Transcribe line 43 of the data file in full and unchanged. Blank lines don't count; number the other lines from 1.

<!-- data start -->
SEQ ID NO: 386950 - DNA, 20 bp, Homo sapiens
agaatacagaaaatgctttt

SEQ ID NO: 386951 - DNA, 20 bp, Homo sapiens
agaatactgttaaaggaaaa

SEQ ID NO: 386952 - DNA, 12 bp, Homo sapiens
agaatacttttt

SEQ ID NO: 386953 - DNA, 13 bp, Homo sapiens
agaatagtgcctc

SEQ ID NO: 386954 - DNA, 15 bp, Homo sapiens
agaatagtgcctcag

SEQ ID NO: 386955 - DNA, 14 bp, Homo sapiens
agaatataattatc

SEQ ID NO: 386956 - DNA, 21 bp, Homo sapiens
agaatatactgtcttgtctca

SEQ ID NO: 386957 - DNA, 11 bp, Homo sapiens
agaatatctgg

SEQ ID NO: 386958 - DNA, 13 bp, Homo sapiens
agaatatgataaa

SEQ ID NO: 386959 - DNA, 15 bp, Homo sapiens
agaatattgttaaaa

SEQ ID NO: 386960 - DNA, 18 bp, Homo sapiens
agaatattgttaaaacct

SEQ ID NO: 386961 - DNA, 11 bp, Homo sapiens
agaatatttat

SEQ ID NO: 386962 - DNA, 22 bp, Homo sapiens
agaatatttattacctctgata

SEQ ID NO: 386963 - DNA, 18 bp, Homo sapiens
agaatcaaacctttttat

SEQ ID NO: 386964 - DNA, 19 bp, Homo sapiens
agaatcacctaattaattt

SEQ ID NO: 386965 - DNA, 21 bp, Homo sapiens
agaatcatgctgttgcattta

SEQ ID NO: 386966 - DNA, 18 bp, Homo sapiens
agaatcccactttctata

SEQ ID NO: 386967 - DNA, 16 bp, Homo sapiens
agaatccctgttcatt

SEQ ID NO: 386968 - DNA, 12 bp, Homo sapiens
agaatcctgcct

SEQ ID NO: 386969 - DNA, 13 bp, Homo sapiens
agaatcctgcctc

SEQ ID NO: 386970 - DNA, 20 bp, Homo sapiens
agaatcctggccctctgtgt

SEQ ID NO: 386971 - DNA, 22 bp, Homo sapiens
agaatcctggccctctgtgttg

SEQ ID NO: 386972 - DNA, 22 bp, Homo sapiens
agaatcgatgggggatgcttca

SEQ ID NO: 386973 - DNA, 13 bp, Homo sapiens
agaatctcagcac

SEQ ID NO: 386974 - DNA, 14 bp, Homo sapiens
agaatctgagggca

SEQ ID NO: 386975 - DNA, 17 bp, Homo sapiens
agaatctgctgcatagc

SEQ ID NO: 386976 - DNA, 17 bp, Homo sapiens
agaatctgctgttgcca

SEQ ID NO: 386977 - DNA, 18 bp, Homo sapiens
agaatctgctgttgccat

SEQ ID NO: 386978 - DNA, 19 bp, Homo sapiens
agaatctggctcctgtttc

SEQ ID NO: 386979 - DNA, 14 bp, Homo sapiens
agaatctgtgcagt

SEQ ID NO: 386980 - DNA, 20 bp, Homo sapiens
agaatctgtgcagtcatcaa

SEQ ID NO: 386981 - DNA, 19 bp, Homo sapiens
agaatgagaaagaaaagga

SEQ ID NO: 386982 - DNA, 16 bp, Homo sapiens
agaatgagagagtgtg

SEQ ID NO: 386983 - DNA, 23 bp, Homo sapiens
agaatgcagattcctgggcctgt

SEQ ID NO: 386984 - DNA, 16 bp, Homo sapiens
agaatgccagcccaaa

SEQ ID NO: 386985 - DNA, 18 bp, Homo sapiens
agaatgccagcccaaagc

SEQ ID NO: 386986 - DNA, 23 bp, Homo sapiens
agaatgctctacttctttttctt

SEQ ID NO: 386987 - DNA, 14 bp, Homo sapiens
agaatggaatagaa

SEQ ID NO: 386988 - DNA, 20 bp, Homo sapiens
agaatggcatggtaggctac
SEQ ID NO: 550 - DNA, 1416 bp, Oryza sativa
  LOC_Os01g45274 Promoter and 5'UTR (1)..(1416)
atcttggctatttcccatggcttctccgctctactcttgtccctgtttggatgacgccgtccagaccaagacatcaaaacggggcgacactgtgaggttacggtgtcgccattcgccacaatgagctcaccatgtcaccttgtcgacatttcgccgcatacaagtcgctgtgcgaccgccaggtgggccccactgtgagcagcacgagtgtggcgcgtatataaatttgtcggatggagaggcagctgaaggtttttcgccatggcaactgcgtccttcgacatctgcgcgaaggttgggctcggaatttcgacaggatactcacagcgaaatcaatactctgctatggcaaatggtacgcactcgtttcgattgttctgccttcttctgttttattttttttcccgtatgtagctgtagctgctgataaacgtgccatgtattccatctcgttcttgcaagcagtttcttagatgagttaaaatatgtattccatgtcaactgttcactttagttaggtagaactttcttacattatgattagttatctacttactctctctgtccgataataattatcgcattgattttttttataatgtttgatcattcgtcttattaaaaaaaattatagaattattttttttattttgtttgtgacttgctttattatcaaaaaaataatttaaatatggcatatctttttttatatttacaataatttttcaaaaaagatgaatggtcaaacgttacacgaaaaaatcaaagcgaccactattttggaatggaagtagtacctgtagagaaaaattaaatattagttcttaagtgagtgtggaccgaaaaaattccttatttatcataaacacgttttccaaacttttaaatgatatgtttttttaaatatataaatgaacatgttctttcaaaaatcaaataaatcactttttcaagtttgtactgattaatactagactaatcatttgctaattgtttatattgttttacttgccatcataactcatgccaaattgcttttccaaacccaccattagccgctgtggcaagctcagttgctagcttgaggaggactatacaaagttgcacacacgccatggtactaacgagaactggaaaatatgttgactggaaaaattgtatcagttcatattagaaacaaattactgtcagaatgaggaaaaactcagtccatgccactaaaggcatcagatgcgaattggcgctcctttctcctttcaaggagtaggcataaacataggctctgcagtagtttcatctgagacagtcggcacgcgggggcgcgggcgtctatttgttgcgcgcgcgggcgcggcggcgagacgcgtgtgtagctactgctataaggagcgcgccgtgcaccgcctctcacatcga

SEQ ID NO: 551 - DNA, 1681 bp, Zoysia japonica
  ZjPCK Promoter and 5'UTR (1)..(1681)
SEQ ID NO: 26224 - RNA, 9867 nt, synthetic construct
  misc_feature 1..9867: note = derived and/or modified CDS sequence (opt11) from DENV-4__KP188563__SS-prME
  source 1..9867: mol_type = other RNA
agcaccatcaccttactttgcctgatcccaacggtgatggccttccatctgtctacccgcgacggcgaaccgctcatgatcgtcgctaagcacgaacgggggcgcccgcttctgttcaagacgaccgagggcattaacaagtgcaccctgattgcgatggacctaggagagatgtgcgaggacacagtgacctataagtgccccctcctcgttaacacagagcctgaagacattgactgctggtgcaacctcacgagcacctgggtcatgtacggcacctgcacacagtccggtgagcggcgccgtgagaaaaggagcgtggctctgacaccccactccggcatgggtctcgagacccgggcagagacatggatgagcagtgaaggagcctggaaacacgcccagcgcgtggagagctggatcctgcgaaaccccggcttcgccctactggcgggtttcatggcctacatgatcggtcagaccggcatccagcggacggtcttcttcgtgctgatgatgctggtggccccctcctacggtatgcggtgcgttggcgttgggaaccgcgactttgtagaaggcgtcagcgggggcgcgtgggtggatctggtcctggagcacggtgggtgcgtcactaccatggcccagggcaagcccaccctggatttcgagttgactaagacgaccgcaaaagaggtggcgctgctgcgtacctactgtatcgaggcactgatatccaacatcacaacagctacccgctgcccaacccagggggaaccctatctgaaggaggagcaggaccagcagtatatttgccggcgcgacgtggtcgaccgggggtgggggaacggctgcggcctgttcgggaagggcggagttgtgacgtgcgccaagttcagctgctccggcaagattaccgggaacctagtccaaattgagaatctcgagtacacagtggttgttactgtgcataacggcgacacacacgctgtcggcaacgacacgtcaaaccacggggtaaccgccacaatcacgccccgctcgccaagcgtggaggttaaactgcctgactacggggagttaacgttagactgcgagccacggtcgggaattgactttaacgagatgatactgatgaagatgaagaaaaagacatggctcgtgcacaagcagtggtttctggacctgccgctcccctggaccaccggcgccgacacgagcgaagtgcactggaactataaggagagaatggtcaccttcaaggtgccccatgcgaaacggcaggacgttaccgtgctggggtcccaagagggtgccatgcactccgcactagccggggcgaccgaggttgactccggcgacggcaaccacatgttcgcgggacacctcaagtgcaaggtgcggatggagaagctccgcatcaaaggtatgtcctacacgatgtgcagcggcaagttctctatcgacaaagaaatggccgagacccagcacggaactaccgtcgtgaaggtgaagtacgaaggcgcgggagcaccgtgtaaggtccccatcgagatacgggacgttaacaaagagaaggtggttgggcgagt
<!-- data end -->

SEQ ID NO: 386971 - DNA, 22 bp, Homo sapiens